Note: Where available, the PDF/Word icon below is provided to view the complete and fully formatted document
Wednesday, 25 July 1906

Senator KEATING (Tasmania) (Honorary Minister) . - I think the compensation in such a case is provided for in clause 25, sub-clause 3 of which provides that-

Nothing in this section shall take away the right of any person to compensation for damage sustained by reason of the exercise of any power under this Part of this Act.

Senator Millen - That is in the case of actual occupation, but clause 20 deals with resumption without occupation.

Senator KEATING - Where there is actual occupation we make provision that rent shall be paid. I take it that the honorable senator is referring to a case where a resumption takes place simply by notification, and there is no actual occupation. I do not know that there is any provision for the compensation of the owner in such a case.

Senator Millen - There is under the existing law.

Senator KEATING - I believe that if a person is in any way prejudiced or damaged he can recover compensation from the authorities. But if the resumption of land is purely formal, as indicated by notification in the Gazette*, and there is no entry upon the land, the owner does not in every instance, as of right, acquire the right to compensation. Although it is evident that he does under the existing law, I see no reason why he should.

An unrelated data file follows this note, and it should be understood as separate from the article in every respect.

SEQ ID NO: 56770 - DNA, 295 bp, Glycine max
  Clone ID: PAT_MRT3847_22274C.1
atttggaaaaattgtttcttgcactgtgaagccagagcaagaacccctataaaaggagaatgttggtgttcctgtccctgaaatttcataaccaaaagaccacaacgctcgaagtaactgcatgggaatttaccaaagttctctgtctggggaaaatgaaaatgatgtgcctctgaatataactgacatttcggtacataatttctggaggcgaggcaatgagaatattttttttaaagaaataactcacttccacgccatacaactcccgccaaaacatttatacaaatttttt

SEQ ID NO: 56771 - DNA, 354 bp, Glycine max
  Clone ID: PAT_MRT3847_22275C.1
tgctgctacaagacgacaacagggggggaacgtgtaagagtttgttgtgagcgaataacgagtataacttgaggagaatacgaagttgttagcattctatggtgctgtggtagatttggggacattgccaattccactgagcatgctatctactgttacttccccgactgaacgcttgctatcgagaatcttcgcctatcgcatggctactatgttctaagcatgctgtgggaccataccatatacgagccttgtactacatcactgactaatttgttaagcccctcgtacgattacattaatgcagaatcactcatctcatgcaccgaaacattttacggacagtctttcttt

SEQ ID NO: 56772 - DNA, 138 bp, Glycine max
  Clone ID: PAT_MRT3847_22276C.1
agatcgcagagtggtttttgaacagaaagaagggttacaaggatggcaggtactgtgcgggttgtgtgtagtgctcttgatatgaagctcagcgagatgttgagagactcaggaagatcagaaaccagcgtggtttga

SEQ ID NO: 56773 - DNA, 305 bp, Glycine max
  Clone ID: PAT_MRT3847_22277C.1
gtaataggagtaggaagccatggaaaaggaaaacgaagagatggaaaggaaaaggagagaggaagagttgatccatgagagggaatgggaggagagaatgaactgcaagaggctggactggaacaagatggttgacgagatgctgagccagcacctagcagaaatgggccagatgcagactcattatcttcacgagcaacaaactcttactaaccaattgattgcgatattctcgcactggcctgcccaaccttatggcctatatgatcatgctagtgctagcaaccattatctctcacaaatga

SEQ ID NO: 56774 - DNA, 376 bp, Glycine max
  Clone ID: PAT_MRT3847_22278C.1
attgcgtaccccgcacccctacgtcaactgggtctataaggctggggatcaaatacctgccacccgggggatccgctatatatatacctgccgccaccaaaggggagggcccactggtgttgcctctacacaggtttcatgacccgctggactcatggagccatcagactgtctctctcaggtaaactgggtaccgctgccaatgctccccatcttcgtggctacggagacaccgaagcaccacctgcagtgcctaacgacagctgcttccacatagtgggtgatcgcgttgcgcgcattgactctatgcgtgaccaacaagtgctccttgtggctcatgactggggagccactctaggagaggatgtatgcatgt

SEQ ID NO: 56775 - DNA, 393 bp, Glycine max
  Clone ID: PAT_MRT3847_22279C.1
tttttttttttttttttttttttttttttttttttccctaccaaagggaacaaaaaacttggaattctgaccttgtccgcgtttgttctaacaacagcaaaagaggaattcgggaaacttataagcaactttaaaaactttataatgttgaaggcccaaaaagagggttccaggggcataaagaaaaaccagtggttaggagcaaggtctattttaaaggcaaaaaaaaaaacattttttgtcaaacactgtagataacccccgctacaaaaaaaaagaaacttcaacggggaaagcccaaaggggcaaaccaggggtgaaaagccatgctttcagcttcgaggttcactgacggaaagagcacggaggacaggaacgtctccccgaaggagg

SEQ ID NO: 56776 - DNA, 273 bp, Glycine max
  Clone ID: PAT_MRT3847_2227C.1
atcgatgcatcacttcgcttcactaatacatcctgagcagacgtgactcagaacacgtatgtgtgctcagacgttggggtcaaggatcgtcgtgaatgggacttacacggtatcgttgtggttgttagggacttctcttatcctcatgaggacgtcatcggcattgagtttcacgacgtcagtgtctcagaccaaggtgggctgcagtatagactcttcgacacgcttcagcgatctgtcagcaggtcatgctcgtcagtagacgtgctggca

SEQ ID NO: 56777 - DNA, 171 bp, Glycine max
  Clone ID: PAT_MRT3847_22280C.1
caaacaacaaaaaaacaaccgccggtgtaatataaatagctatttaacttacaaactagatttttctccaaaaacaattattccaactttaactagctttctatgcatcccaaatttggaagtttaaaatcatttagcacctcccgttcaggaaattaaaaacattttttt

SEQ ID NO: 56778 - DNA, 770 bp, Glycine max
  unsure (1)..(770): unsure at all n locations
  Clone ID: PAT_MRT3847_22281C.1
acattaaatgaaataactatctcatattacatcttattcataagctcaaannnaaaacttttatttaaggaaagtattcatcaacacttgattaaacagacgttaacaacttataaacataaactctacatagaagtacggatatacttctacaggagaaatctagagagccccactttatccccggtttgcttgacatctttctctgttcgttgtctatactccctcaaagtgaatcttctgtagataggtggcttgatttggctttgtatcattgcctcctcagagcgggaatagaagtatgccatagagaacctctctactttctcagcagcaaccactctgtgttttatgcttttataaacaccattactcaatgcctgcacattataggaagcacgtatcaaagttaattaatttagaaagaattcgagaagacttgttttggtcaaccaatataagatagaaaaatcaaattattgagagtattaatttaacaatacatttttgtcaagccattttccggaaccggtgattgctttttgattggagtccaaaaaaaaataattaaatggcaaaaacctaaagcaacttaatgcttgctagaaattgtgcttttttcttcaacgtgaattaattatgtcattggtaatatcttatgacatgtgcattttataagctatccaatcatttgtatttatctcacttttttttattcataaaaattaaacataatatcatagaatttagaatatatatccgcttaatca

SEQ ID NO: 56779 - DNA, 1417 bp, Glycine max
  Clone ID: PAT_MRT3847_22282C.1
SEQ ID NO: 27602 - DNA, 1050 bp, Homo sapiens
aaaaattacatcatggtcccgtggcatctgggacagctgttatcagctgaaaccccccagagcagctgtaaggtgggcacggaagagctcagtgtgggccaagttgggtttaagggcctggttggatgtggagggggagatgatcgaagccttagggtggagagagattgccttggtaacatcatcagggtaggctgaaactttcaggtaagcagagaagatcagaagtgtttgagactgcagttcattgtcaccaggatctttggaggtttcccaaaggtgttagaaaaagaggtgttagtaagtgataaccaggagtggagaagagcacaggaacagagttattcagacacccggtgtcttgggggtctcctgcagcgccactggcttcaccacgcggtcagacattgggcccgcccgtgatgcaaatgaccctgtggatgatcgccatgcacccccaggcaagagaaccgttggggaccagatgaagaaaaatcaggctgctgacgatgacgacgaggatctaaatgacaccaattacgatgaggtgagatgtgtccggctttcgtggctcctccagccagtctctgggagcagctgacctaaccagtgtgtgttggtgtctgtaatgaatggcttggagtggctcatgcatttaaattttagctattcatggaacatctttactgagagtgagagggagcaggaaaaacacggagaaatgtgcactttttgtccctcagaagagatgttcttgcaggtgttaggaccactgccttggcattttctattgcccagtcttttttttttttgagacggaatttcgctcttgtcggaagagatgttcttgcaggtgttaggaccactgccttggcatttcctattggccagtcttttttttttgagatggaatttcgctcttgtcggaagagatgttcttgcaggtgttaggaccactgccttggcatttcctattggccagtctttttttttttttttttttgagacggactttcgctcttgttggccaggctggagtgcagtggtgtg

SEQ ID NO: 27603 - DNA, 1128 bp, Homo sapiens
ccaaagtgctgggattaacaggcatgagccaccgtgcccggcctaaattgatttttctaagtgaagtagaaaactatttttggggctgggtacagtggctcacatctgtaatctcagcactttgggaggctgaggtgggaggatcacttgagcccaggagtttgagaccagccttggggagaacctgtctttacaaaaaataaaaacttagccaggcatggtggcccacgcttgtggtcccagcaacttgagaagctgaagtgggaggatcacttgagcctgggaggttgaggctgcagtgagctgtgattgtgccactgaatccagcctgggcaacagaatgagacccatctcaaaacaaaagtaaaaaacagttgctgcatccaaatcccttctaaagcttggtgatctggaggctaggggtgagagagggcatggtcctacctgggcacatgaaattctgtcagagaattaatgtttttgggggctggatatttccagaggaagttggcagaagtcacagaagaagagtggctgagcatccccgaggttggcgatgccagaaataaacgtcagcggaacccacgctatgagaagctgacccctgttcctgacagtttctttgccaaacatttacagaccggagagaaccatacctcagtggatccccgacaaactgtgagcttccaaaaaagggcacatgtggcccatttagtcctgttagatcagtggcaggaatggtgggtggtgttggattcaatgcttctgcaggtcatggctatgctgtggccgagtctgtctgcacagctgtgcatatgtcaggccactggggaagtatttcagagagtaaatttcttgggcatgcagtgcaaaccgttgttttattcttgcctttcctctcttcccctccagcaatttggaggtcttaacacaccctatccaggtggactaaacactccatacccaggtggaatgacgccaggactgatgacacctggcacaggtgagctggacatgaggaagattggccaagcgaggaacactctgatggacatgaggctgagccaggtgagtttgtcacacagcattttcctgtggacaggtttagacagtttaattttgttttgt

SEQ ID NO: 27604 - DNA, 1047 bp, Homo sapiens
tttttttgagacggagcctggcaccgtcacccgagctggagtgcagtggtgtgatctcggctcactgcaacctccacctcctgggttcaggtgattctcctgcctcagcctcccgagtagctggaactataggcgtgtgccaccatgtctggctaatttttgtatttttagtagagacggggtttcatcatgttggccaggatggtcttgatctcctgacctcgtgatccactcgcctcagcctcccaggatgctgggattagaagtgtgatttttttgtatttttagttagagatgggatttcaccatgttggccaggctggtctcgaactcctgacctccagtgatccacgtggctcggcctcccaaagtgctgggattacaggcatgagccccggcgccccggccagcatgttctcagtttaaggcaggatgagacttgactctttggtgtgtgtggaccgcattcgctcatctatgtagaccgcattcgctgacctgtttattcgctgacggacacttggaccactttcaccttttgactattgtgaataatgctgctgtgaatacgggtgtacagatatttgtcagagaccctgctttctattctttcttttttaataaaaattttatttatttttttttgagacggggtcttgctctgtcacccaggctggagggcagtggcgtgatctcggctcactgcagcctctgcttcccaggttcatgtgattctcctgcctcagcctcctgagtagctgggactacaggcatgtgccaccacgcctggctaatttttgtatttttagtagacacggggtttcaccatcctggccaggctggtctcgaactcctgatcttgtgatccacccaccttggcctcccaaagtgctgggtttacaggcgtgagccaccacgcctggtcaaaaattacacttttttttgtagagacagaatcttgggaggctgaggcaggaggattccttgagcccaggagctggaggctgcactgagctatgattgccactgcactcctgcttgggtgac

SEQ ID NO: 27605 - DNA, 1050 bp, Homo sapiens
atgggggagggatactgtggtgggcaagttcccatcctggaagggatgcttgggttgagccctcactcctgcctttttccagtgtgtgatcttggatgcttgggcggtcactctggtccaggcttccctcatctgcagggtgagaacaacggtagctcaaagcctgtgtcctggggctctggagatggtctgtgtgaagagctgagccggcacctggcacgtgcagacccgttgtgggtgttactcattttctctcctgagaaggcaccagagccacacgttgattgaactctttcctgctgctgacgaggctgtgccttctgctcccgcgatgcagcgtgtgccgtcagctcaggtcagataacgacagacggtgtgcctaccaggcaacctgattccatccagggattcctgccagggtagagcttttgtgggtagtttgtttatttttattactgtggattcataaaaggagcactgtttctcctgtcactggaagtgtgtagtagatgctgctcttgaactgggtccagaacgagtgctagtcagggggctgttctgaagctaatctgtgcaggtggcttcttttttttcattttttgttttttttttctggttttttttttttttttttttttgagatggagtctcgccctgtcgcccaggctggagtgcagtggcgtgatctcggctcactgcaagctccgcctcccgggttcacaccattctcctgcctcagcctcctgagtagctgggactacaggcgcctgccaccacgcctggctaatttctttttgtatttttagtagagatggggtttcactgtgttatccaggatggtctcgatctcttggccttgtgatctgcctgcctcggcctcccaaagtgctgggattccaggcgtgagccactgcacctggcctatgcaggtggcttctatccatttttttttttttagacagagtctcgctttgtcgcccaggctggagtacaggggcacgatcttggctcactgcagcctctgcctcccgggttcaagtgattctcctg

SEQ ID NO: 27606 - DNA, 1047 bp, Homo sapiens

Senator Lt Col Gould - He might be prevented by the notification from making any use of or disposing of his land to advantage.

Senator KEATING - I think that, if he were prevented from cultivating his land-

Senator Lt Col Gould - Or building upon it.

Senator KEATING - Or building upon it, or disposing of it, and could bring forward proof of damage, he would be entitled to compensation under sub-clause 3 of clause 25.

Senator Millen - No. That sub-clause deals with Part III., whilst clause 20 is in Part II. of the Bill

Senator KEATING - I do not think that the owner would be prevented from recovering damages if he could actually prove that he had sustained any.

Senator Lt Col Gould - If he made any claim, the Executive would be in a position to say that they had acted under the law, and he would have no remedy.

Senator KEATING - It is all a question of the actual facts as to the damage sustained. I see no objection to the addition of the words contained in the existing law, because the onus would be thrown upon the owner of showing actual damage. I was under the impression, I must say, that the provision in sub-clause 3 of clause 25 was of more general application than it is.

Amendment (by Senator Millen) agreed to -

That the following words be added : - " And the owner of the land shall be entitled to compensation for any damage which he may have suffered by reason of the notification or of the exercise of the powers of the Minister consequent thereupon."

Suggest corrections